It now counts among its famous guests presidents Theodore Roosevelt in 1918 and Woodrow Wilson in 1919, presidential candidate Adlai Stephenson in 1952, then-vice president and presidential candidate Richard Nixon in 1960, according to the hotel's website.

An important part of the building's lore stems from the famous Golden Belle bar and restaurant. Opened in 1959 and designed more in the late-1800s- or early-1900s-style of the original building and featuring bawdy paintings in the bar that famously included a woman in a petticoat staring down at patrons, it quickly became a destination for locals and visitors alike looking to celebrate.

Latest owners

Over the years, the hotel's ownership changed hands a number of times, and it began to fall into decline in the 1990s.

In 2006, the hotel and the Golden Belle closed, and, after a few more ownership changes, the Nelsons bought the building three years later and almost immediately announced plans to renovate and reopen. 

They kept that promise, and today it's a state-of-the-art, 150-employee hotel featuring plush rooms and behind-the-scenes upgrades found in modern hotels worldwide.

The two restaurants — Bernie's Diner, which serves breakfast and lunch, and TEN, serving dinner and featuring an upscale bar — sit on the building's first floor.

Nelson said that they're catered to the community as much as the patrons.

"They're not just hotel restaurants," he said. "They're quality restaurants that have won awards and would stand on their own."

Nelson pointed to the water-heating system, hidden in the building's basement, that, among other things, monitors weather conditions and can produce 100 gallons of hot water per minute.

"We can have 200 showers turned on at once and have enough hot water that they won't run out," he said. "The cool thing about that is we only have 160 rooms."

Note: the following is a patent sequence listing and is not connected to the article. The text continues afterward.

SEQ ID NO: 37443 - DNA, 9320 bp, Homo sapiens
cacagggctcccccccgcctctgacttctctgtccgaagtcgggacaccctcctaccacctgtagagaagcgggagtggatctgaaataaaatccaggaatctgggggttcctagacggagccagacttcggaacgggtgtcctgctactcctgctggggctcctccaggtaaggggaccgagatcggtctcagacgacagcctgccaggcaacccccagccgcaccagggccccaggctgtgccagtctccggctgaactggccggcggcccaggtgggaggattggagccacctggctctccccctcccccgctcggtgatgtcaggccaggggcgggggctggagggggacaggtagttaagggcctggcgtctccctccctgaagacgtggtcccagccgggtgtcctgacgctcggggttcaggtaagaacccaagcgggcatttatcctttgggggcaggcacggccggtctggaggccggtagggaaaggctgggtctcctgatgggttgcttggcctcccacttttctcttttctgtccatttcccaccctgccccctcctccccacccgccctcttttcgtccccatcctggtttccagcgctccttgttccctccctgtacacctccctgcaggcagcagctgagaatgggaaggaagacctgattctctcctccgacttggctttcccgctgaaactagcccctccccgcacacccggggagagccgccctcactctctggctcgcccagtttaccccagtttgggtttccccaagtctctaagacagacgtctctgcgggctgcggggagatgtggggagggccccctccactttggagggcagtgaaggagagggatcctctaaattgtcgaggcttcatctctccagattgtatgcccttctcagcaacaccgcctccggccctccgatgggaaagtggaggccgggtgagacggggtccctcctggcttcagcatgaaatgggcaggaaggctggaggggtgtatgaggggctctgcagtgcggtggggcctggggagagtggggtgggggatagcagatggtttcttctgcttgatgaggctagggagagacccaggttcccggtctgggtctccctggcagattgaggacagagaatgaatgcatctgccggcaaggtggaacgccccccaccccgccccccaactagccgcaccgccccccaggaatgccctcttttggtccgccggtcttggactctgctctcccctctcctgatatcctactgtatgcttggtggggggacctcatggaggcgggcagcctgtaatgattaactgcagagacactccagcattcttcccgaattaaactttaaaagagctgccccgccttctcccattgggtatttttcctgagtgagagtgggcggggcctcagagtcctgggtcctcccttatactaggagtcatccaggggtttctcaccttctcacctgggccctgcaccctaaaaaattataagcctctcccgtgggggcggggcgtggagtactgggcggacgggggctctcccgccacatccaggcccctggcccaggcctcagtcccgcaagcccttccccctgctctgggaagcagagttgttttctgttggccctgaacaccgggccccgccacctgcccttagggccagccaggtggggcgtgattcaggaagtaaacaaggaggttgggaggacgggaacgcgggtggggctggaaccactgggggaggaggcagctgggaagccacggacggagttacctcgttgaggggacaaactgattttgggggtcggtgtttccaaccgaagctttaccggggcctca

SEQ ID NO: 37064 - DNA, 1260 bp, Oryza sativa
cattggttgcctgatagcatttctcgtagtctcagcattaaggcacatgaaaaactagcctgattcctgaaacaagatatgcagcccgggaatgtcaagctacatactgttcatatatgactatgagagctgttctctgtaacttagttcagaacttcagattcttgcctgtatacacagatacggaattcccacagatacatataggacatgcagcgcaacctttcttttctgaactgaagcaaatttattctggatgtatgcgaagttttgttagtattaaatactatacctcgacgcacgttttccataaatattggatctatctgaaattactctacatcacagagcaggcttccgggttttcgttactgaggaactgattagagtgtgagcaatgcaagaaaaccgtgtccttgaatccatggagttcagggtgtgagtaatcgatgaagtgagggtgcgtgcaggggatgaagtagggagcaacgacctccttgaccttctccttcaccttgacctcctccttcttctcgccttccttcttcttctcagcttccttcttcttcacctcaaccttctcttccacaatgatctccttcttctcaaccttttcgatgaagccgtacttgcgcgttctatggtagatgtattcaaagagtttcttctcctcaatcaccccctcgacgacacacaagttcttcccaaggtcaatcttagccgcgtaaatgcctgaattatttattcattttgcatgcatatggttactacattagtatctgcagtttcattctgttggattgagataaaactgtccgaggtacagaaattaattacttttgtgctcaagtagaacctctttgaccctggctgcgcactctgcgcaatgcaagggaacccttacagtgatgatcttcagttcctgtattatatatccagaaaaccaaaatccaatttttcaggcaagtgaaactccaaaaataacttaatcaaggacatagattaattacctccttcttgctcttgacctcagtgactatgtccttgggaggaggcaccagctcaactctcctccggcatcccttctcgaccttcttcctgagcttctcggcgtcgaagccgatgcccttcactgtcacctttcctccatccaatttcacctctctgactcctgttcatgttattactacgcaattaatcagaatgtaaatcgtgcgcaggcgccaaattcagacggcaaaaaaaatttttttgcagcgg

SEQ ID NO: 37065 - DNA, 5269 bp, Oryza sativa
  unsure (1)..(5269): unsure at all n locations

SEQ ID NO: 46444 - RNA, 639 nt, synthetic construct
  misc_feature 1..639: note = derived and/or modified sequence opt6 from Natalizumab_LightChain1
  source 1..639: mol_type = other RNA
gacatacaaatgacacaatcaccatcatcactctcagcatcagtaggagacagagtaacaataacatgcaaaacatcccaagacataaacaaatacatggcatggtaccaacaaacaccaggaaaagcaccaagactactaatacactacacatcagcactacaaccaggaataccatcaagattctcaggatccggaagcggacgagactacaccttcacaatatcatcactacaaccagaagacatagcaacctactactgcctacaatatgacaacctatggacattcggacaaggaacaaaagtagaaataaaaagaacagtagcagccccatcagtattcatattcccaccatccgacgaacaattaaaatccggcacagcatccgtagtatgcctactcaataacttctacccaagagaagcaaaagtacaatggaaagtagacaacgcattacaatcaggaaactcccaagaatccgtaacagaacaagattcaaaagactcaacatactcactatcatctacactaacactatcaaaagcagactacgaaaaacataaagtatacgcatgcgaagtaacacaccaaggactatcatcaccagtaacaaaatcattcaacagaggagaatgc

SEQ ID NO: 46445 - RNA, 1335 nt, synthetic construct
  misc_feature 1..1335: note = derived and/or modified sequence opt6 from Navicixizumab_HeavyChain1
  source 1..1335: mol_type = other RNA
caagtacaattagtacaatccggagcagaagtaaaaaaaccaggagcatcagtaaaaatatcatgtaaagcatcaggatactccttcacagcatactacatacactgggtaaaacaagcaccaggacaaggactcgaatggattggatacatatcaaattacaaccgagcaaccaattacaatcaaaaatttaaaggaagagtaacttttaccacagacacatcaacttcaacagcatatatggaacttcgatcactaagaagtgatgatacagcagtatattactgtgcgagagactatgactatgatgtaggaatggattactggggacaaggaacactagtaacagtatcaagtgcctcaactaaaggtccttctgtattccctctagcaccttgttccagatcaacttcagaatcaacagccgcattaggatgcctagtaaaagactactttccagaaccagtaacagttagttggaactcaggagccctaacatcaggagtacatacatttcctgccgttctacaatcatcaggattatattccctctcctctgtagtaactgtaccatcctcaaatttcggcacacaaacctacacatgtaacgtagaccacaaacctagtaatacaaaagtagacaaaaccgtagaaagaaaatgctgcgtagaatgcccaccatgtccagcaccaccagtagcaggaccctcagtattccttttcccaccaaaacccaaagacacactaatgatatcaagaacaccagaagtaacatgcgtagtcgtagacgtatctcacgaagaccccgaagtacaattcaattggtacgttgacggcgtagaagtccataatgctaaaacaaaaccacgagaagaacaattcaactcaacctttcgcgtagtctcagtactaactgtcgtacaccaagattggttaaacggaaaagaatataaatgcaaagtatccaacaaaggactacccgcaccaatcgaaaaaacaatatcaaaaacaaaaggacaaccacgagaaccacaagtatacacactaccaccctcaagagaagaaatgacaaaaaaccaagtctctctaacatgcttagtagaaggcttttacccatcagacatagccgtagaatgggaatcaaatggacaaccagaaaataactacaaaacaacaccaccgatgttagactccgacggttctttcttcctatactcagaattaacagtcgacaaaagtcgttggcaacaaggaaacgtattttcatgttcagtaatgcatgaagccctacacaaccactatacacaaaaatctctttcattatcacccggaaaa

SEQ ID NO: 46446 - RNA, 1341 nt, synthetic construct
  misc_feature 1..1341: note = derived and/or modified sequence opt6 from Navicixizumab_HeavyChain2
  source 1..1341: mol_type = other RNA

Soon after the Nelsons took over, people began to bring them tidbits and memories from the old hotel. They'd drop them off and share a story or favorite memory.

The collection shows not just the building's history, but its place in the lives of the people who stayed and worked there over the years.

"They've been coming in and giving me these things that are important to them, like family heirlooms," Mike Nelson said. "One person came in and said, 'This is the last known picture of my grandfather. He was putting on the building's roof, and we thought you should have this.'"

In 2013, the Northern was listed on the National Register of Historic Places, and Mike Nelson said that he and his brother are, in part, stewards of the building's history even as they usher in a new era. 

"It's hard to put into words because it's an incredible responsibility," he said. "The Northern holds a really important place in a lot of people's hearts, and we feel it's our responsibility to take care of this place in the proper way. There's something about this building that just gets inside of you and holds on, and we want everybody who leaves the Northern to think, 'That's a really great place.'"